Do People Crave Foods Their Moms Ate During Pregnancy?

The diets of expectant mothers—from the mundane to the unusual—can become imbued with deep symbolic meaning for their children.

Arsh Raziuddin / The Atlantic

Every couple of months, a 21-year-old Chicagoan named Erynn Nicholson will scoop some vanilla ice cream into a bowl, crumble a fistful of Ruffles potato chips on top, and then mix it all together. Then she’ll call or text her mom. "I always let her know I’m eating our snack,” she told me.

Ice cream with potato chips has been their snack since before Nicholson was born—when she was still in the womb, her mom ate it regularly. The dish has carried special meaning for her for as long as she can remember, and while it’s not her “favorite favorite” food, “it's in its own little category,” she said.

That category, for many like Nicholson, transcends a mere flavor preference: Some people’s fondness for the foods their mother craved during pregnancy can to them seem predestined, taking on an almost sacred status in the mother-child relationship. Research hasn’t identified a direct causal link between the diets of pregnant women and the lifelong food preferences of their children, but exposure to certain flavors in the womb is one factor, among many, that can shape what people like to eat.

"Your sense of taste and smell is developed in utero,” says Julie Mennella, of the Monell Chemical Senses Center, in Philadelphia. “What the mother eats, a lot of [the flavors]—the garlic, vanilla, carrot, anise, a whole host of different flavors—are transmitted through the bloodstream and flavor amniotic fluid … If a baby has experienced a flavor in utero or in breastmilk, they prefer it more." Fetuses can get a lot of exposure to whatever flavors their mother recently tasted—near the end of a pregnancy, they can swallow almost a liter of amniotic fluid a day.

These early flavor encounters can shape palates after birth. One study in which Mennella and other researchers randomly assigned some of their subjects to drink carrot juice daily in the last few months of pregnancy or after birth, during lactation, found that those women’s children had a stronger preference in infancy for the flavor of carrots than the babies of women who were instructed to avoid carrots and drink water. Another study that had pregnant women eat garlic found a similar effect that persisted into the children’s adolescence.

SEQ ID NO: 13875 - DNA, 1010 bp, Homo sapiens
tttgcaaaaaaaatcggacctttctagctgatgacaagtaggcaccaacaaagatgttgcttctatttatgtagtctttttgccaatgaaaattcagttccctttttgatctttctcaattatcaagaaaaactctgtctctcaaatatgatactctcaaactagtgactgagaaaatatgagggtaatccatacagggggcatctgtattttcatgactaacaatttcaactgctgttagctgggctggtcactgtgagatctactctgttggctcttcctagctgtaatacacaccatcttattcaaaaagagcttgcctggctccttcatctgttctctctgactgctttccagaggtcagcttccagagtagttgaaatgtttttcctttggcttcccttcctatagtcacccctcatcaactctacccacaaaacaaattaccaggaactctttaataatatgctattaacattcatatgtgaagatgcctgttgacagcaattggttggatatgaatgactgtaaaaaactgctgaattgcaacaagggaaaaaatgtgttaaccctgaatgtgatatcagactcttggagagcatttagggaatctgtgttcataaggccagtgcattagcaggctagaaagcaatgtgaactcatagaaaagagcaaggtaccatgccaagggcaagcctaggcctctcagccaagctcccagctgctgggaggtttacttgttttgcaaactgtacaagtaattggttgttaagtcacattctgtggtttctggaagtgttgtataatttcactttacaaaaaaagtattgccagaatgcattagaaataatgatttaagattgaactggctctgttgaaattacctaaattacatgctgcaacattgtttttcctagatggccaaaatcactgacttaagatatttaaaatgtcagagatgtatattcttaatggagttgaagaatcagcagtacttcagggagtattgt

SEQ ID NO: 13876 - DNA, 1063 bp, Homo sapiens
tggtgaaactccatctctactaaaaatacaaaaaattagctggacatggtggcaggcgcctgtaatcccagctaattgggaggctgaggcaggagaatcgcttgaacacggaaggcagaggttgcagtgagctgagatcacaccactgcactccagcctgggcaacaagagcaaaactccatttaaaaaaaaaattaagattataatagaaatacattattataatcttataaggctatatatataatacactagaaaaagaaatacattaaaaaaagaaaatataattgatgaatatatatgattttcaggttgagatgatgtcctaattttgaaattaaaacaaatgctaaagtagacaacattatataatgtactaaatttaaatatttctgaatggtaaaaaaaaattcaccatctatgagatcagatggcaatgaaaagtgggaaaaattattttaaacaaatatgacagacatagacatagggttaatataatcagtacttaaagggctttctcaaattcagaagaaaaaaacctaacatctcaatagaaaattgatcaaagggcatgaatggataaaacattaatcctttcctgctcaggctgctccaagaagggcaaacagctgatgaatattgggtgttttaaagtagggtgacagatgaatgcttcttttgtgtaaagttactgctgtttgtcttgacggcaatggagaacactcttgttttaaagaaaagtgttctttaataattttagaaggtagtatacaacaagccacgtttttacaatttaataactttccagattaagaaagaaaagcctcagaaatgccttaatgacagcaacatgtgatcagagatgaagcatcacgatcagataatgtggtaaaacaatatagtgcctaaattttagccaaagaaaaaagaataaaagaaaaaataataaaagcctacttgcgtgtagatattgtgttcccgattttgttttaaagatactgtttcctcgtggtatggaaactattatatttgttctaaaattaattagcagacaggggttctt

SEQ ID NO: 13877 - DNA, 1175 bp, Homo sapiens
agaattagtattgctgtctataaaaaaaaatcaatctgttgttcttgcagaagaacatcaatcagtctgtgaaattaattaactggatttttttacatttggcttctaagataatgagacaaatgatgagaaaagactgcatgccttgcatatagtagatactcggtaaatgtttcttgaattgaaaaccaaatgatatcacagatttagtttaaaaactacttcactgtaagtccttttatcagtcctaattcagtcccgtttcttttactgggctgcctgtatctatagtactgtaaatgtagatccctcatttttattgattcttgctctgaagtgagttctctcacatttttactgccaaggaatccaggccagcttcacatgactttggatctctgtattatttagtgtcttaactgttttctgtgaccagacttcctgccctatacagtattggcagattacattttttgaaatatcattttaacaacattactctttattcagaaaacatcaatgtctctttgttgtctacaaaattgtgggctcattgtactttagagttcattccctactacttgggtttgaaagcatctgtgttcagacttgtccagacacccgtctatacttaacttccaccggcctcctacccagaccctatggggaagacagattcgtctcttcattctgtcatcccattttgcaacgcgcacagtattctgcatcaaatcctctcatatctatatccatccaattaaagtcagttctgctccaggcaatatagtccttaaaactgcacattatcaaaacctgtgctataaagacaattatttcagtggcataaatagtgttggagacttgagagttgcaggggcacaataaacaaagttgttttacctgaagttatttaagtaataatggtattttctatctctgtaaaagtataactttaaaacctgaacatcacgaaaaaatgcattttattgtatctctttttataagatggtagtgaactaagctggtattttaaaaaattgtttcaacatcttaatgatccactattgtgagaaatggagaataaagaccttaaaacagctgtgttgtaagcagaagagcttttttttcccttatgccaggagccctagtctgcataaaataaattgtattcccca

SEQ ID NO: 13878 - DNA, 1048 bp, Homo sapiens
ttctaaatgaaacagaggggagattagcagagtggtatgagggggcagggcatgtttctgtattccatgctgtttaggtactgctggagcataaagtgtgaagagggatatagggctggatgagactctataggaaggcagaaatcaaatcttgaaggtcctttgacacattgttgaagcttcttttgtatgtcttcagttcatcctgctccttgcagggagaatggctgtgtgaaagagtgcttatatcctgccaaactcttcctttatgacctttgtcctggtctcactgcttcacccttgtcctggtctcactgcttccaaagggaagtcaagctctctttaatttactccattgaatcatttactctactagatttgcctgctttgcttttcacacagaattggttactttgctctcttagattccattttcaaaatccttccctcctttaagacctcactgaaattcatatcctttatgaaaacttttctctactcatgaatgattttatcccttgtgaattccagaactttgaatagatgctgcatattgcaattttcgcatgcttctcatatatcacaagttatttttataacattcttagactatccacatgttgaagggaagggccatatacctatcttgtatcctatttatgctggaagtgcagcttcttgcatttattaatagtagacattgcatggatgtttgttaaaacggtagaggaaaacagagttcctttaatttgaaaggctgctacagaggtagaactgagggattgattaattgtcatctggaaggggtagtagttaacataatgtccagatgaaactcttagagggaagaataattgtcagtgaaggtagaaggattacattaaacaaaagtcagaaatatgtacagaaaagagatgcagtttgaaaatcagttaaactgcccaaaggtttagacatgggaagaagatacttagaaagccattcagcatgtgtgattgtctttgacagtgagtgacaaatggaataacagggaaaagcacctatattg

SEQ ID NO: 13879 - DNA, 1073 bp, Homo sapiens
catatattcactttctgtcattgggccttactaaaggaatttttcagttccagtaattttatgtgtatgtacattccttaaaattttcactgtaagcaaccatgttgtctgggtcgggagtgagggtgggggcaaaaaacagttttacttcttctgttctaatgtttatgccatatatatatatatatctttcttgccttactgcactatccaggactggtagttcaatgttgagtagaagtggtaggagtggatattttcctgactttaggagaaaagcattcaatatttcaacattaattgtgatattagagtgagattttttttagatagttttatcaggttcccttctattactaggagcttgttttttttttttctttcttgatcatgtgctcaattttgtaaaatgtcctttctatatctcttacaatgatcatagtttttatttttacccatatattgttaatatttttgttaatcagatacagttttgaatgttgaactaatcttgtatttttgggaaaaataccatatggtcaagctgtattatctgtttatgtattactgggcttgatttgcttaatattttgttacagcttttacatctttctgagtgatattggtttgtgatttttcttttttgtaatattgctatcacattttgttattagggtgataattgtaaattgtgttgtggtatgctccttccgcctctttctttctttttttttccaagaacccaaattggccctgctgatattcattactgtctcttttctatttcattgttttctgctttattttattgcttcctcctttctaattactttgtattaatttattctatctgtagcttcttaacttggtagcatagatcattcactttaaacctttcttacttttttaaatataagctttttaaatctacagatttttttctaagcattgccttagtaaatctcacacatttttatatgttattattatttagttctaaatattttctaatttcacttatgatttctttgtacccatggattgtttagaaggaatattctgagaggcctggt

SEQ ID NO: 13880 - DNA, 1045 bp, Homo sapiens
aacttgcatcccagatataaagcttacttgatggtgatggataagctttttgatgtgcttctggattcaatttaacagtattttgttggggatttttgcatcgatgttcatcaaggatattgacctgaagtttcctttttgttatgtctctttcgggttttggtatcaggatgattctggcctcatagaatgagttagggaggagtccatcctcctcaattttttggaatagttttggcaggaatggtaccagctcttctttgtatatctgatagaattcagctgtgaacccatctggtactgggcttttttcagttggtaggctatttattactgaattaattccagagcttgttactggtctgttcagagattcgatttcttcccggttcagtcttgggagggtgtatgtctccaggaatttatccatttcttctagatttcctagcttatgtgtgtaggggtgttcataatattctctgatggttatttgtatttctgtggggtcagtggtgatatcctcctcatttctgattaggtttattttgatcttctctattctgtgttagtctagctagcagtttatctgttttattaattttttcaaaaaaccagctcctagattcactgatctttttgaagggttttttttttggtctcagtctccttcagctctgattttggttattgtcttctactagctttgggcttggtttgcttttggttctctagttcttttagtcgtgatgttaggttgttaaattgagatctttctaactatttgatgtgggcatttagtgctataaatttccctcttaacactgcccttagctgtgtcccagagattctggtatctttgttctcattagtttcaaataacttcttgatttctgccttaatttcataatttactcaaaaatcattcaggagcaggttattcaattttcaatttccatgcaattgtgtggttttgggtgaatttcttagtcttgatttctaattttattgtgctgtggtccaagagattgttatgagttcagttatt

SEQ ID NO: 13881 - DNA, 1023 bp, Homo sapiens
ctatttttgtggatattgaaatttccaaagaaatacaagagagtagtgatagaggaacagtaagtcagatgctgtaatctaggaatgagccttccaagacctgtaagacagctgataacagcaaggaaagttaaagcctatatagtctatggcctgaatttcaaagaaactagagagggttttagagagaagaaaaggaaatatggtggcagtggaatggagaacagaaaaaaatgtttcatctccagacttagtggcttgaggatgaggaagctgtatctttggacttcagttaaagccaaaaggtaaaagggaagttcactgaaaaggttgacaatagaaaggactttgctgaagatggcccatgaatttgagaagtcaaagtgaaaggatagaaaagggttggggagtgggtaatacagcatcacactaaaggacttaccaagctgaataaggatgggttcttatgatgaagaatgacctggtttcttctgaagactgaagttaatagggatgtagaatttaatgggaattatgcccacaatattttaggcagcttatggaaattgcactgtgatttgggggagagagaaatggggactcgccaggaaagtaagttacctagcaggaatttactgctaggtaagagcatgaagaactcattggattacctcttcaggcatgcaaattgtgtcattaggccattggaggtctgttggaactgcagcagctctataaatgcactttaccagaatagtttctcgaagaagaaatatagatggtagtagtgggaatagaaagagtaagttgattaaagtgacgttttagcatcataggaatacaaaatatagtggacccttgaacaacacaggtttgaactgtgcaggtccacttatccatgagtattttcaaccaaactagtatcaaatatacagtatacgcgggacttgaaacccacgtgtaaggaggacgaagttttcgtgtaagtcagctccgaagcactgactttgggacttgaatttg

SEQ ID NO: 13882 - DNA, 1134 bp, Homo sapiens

That said, people develop flavor preferences in many other ways—maybe they were fed a certain food repeatedly as a baby, or observed their parents, siblings, or friends enjoying it during childhood. So even if a taste one has for, say, ice cream and potato chips mirrors one’s diet in the womb, the latter may not have been solely responsible for the former. “When you look at ‘My mother craved this; I like that’—that's association. That doesn’t tell you cause and effect,” Mennella said. “If the mother likes the food and the child accepts the food, they will continue to be fed it, strengthening the preference.”

Whether there’s a biological cause or not, the foods that mothers eat during pregnancy can be imbued with lasting meaning for their children. Layma Murtaza, who works in international development in Washington, D.C., and Kabul, Afghanistan, told me that her mother had a predilection for toasted cheese sandwiches during pregnancy—which Murtaza only learned roughly a decade ago, when she was in her early 20s, after a childhood of enjoying the sandwiches two or three times a week.

Even though she eats much less bread now, the food remains special to her because of what it meant to her mom. “That’s what gave my mother comfort while she was pregnant, and I was her first child,” she said. “I think anything that makes her comfortable is something that makes me happy.”

Ice cream and potato chips inspire similarly warm feelings in Nicholson. "Now that I’ve been in college and away at school and not with my mother every day, sometimes when I eat it I get nostalgia [for] my childhood,” she said. “It makes me think about my mom. It makes me miss her.”

Mennella thinks that this narrativizing is quite powerful. “When these individuals are retelling these stories, it's really bringing them to their past, to their beginning,” she said. “It's the formation of who they are." Whether treasured prenatal foods are treasured because they were among the first flavors someone ever tasted or because warm familial feelings later gave them a mythic status is beside the point: Above all, these foods are something a mother and child shared when they were closer than they’d ever be again.